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Trinitarian Nearness

by | Jun 6, 2018 | Formation, Reflections


Trinitarian Nearness (Rom. 8; Mt. 28)

A woman once told me a lesson she had learned during the last days of her husband’s life. He had all the medical attention possible with hospice workers around the clock. But in those last days, she said, all he really wanted was her nearness, her being close by, her holding his hand, her hovering near. She realized that this close personal presence was what he wanted most and until the end. And she went on to say she thought that to be true for most everyone else not just in death but throughout life.

Why recount her lesson on the Sunday we call Trinity Sunday – a day in the year when we turn attention to this core belief that our one God somehow possesses a “three-ness,” as in “The name of the Father, and the Son and the Holy Spirit.” Because among other things, this belief in the Holy Trinity highlights the nearness and up-closeness of our God.

Several Church Fathers and Mothers came at this mystery not so much through their intellects as through their experiences of God. Focusing less on the individual persons in the Trinity, they keyed in on the relationship between them. The Father loves the Son; the Son returns that love to the Father; and the Spirit is the love going back and forth between them. These saints attended to the connection between the persons, the interchange going on, the dynamism in their relationship, their mutual and circulating love.

For St. Augustine, the Father is the lover, the Son is the beloved, and the Spirit is the love going back and forth between them. He presents the Spirit not so much as a noun but more as a verb, a verb in action — the loving, the interacting, the pouring out. St. Bernard of Clairvaux uses a metaphor memorable for catching the feel of Augustine’s insight; i.e., the kiss. For him, the Father is the one giving the kiss, the Son is the one receiving that kiss, and the Spirit is the actual kissing — the very coming together, the connecting of the persons in love. Again, not a noun, but a verb in action, not something described but something happening.

These witnesses are straining to put words around an experience of personal nearness, of another’s coming close, of that profound but elusive stirring that occurs when you know you’re being loved. It’s not so much a thing as an interchange, the focus not on the two people but the back and forth between them, not so much the medicine that wife gave her husband as the loving that was happening in the very giving of it.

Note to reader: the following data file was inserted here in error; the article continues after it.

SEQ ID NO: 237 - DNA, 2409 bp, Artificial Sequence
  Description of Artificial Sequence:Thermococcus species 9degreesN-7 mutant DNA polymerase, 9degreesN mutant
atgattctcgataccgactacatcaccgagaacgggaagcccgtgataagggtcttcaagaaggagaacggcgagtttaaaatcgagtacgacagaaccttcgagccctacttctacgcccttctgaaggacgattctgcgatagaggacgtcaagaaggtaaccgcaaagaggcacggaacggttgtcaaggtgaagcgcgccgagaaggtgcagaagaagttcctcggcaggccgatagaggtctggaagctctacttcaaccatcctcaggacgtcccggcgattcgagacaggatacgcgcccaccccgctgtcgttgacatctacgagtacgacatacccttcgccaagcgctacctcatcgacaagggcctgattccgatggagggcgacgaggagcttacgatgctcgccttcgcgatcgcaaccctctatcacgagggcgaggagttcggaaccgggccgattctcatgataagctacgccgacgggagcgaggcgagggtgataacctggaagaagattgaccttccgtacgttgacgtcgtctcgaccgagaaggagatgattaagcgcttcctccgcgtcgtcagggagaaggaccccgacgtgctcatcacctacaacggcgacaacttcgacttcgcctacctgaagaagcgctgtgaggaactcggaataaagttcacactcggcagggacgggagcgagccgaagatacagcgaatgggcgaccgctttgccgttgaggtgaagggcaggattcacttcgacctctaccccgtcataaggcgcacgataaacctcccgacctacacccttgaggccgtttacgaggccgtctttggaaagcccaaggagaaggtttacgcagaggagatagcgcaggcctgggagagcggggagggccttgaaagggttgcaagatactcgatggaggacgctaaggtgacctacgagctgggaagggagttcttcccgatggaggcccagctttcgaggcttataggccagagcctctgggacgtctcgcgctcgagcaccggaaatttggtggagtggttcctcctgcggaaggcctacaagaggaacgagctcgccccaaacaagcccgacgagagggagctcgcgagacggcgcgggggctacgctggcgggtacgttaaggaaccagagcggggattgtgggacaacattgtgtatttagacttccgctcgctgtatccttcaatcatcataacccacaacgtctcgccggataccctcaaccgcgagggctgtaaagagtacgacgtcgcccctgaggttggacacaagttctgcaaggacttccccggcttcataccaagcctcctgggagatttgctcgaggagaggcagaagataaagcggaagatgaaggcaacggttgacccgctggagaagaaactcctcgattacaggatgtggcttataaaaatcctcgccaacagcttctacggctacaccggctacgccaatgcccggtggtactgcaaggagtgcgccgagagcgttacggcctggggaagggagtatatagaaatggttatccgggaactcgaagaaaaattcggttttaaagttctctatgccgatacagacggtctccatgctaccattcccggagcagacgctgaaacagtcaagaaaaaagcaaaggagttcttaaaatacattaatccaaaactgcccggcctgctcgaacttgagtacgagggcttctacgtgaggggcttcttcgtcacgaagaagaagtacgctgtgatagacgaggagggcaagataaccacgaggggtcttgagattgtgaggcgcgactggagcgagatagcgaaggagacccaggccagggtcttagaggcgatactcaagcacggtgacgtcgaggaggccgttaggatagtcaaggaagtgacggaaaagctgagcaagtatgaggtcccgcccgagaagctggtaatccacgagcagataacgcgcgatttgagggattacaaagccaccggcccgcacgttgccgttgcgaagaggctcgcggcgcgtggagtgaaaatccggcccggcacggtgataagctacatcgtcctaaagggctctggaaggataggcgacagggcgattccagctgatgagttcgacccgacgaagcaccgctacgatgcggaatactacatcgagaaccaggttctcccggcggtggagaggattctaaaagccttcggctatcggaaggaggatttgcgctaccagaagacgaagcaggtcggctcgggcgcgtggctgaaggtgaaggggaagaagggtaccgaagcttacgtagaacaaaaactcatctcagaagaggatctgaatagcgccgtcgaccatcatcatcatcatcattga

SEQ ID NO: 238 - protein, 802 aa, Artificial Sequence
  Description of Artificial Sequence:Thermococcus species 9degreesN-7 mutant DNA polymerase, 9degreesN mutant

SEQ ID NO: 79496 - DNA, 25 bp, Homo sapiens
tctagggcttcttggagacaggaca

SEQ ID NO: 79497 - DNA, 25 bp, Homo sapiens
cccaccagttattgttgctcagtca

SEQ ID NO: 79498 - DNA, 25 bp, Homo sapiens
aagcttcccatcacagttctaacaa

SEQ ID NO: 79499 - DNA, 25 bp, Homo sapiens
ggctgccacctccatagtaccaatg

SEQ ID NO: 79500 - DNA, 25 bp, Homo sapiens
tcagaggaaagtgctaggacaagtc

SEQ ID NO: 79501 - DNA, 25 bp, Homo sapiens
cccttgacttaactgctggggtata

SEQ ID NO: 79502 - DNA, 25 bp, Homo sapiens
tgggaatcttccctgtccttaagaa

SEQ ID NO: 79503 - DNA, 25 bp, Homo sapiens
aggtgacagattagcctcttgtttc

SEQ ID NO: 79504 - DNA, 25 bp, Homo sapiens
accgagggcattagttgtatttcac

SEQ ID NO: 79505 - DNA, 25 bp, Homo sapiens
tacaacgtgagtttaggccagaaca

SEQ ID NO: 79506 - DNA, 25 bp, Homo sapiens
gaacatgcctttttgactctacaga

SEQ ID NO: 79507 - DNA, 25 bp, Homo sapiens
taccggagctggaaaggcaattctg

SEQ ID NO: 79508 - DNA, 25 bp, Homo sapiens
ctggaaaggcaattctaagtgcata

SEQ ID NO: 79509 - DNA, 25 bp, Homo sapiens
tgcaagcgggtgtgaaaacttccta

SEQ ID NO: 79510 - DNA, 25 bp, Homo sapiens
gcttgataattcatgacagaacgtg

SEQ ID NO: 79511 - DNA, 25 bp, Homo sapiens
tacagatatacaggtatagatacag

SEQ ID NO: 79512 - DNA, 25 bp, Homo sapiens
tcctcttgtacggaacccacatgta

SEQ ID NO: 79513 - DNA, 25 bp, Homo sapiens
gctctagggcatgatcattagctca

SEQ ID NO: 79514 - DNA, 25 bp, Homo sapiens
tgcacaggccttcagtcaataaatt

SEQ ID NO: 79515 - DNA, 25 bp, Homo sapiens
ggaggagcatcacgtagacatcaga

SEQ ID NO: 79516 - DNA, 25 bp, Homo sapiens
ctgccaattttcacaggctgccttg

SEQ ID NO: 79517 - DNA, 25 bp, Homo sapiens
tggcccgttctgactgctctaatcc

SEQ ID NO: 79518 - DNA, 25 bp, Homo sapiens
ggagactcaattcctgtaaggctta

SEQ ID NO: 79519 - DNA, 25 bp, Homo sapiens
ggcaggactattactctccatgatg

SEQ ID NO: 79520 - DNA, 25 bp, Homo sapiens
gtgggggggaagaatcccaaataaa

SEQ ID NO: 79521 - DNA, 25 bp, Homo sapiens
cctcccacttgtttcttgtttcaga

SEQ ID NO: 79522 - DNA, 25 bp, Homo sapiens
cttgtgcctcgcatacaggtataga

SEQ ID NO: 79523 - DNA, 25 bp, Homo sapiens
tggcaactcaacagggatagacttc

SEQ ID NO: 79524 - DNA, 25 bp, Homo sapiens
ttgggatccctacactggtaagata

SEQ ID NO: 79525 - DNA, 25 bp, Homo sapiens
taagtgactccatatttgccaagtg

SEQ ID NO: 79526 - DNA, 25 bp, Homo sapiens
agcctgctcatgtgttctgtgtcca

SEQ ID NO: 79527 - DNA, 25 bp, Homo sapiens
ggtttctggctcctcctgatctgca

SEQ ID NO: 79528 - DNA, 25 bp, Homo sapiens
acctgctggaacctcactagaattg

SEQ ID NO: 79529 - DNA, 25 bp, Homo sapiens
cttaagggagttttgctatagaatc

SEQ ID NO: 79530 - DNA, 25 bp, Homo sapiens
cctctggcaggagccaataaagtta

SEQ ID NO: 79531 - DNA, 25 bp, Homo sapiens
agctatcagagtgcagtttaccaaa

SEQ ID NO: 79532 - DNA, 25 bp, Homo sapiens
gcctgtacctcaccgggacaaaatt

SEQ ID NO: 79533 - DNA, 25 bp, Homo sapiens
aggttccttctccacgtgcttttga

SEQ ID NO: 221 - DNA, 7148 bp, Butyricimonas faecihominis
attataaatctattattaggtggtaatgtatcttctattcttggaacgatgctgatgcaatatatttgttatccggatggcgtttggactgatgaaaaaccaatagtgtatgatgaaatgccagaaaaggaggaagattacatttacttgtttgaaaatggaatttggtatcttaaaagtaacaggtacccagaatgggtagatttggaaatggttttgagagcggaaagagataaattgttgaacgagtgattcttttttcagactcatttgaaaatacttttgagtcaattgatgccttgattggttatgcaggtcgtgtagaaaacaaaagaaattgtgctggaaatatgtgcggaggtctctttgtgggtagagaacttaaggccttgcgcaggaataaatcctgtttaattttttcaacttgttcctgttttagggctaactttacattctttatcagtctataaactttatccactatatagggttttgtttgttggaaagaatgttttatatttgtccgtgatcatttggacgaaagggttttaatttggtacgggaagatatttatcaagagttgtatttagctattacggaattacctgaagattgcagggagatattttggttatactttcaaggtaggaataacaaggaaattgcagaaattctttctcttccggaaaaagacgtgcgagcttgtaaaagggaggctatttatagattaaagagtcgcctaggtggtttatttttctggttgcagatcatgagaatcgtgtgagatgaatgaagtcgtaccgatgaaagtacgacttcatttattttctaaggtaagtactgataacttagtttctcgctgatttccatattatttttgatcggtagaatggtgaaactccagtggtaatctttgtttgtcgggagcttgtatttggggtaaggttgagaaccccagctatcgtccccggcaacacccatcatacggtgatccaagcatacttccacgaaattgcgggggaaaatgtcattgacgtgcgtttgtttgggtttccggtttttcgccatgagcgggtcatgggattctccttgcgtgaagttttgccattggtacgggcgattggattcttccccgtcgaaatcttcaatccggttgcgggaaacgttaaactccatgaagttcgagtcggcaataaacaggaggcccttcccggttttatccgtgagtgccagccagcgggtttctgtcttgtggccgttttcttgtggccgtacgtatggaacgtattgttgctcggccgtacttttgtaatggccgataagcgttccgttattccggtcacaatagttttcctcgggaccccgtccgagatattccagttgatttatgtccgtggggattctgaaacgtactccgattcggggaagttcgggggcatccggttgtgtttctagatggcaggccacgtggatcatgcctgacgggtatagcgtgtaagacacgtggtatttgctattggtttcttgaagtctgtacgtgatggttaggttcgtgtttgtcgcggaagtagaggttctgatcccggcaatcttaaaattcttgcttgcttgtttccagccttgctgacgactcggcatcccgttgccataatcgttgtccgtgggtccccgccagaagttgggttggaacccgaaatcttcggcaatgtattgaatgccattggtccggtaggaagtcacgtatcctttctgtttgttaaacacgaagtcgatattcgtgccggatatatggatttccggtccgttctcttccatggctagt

So when considering the Trinity, it might be worthwhile to focus less on how three (somehow) goes into one but more on how it is that the cycle of love goes round. Think less of a heavenly puzzle to be figured out and more of how it is that love comes near and draws up close and stays intimate.

Additional images emerge in the readings for the Feast. Paul instructs the Romans. “The spirit you’ve received isn’t a fearful one, as if you were one of the slaves living outside the walls of the home. Rather you’ve been taken in, adopted, pulled into the family, drawn near.” (Rom. 8: 15) He goes on to point out that even though we all have a spirit, an inner core that directs how we see and act, there is more to us. A much deeper and all-encompassing Spirit pervades our spirit, and this greater Spirit is precisely this nearness of God to us. Further, the way this Holy Spirit comes into the world is through each of our spirits. “The Spirit bears witness with our spirit that we are children of God.” This nearness of God fills our hearts and souls, lifting them up as wind lifts wings.

In the gospel, we hear Jesus’ statement that though it might look as if he is leaving, in his Spirit he will be even closer to us than before. “All power has been given to me and now I give it to you. “I am with you always, until the end of the age.” (Mt. 28: 17-20)

The Trinity speaks nearness, the kind of nearness that husband felt in his last hours, the kind of hovering close that God in Jesus Spirit brings so nearby. In this don’t we hear echoes of Vincent’s missionary intent that all people and the poor especially are to come to know the closeness of the love of God.

In the name of the Father and Son and Holy Spirit. In the name of our God who is with us in all times and places and situations.


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